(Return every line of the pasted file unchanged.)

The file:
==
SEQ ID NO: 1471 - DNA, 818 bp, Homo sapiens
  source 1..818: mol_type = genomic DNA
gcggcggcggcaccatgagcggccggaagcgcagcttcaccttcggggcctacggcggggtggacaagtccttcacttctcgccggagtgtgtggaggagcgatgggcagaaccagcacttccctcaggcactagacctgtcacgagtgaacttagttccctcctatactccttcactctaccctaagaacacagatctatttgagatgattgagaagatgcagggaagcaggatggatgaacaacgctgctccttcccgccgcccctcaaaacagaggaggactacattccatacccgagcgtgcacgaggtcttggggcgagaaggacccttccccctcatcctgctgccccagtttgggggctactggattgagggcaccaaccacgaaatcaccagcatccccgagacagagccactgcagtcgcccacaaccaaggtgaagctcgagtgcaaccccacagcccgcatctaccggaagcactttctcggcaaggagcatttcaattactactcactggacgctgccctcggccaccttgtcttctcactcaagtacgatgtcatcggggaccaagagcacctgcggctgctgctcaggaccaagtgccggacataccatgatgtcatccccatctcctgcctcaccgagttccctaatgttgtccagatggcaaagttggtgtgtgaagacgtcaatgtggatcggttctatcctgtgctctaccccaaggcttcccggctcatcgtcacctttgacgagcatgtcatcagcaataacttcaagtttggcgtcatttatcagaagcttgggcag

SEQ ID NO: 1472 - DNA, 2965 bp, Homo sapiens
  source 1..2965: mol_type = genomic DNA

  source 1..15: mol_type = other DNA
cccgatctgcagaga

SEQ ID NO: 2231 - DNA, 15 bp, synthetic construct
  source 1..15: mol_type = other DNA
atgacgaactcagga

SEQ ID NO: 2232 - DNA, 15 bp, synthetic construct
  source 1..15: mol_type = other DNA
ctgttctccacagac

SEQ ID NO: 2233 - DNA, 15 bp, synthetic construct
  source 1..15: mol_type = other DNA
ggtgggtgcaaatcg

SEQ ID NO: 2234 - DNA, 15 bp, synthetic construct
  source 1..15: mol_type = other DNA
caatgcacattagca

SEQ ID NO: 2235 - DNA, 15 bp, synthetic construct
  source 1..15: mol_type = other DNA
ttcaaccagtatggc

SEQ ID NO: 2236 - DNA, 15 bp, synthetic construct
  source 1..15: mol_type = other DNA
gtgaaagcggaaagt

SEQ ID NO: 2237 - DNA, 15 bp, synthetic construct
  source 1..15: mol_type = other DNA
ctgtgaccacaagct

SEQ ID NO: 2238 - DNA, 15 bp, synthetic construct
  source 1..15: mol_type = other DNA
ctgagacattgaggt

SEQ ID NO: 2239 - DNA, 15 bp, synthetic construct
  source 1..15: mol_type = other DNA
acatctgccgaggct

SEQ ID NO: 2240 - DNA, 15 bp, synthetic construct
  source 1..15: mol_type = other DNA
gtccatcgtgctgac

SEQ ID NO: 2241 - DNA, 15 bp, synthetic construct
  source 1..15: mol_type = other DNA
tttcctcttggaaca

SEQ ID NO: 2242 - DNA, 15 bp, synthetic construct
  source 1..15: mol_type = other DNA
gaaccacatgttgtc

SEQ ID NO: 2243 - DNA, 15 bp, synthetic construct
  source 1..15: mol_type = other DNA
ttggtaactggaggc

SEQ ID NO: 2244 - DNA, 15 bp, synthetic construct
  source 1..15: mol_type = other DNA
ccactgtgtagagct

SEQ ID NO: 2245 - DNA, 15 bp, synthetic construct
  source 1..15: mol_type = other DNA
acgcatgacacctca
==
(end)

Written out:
SEQ ID NO: 1471 - DNA, 818 bp, Homo sapiens
  source 1..818: mol_type = genomic DNA
gcggcggcggcaccatgagcggccggaagcgcagcttcaccttcggggcctacggcggggtggacaagtccttcacttctcgccggagtgtgtggaggagcgatgggcagaaccagcacttccctcaggcactagacctgtcacgagtgaacttagttccctcctatactccttcactctaccctaagaacacagatctatttgagatgattgagaagatgcagggaagcaggatggatgaacaacgctgctccttcccgccgcccctcaaaacagaggaggactacattccatacccgagcgtgcacgaggtcttggggcgagaaggacccttccccctcatcctgctgccccagtttgggggctactggattgagggcaccaaccacgaaatcaccagcatccccgagacagagccactgcagtcgcccacaaccaaggtgaagctcgagtgcaaccccacagcccgcatctaccggaagcactttctcggcaaggagcatttcaattactactcactggacgctgccctcggccaccttgtcttctcactcaagtacgatgtcatcggggaccaagagcacctgcggctgctgctcaggaccaagtgccggacataccatgatgtcatccccatctcctgcctcaccgagttccctaatgttgtccagatggcaaagttggtgtgtgaagacgtcaatgtggatcggttctatcctgtgctctaccccaaggcttcccggctcatcgtcacctttgacgagcatgtcatcagcaataacttcaagtttggcgtcatttatcagaagcttgggcag

SEQ ID NO: 1472 - DNA, 2965 bp, Homo sapiens
  source 1..2965: mol_type = genomic DNA

  source 1..15: mol_type = other DNA
cccgatctgcagaga

SEQ ID NO: 2231 - DNA, 15 bp, synthetic construct
  source 1..15: mol_type = other DNA
atgacgaactcagga

SEQ ID NO: 2232 - DNA, 15 bp, synthetic construct
  source 1..15: mol_type = other DNA
ctgttctccacagac

SEQ ID NO: 2233 - DNA, 15 bp, synthetic construct
  source 1..15: mol_type = other DNA
ggtgggtgcaaatcg

SEQ ID NO: 2234 - DNA, 15 bp, synthetic construct
  source 1..15: mol_type = other DNA
caatgcacattagca

SEQ ID NO: 2235 - DNA, 15 bp, synthetic construct
  source 1..15: mol_type = other DNA
ttcaaccagtatggc

SEQ ID NO: 2236 - DNA, 15 bp, synthetic construct
  source 1..15: mol_type = other DNA
gtgaaagcggaaagt

SEQ ID NO: 2237 - DNA, 15 bp, synthetic construct
  source 1..15: mol_type = other DNA
ctgtgaccacaagct

SEQ ID NO: 2238 - DNA, 15 bp, synthetic construct
  source 1..15: mol_type = other DNA
ctgagacattgaggt

SEQ ID NO: 2239 - DNA, 15 bp, synthetic construct
  source 1..15: mol_type = other DNA
acatctgccgaggct

SEQ ID NO: 2240 - DNA, 15 bp, synthetic construct
  source 1..15: mol_type = other DNA
gtccatcgtgctgac

SEQ ID NO: 2241 - DNA, 15 bp, synthetic construct
  source 1..15: mol_type = other DNA
tttcctcttggaaca

SEQ ID NO: 2242 - DNA, 15 bp, synthetic construct
  source 1..15: mol_type = other DNA
gaaccacatgttgtc

SEQ ID NO: 2243 - DNA, 15 bp, synthetic construct
  source 1..15: mol_type = other DNA
ttggtaactggaggc

SEQ ID NO: 2244 - DNA, 15 bp, synthetic construct
  source 1..15: mol_type = other DNA
ccactgtgtagagct

SEQ ID NO: 2245 - DNA, 15 bp, synthetic construct
  source 1..15: mol_type = other DNA
acgcatgacacctca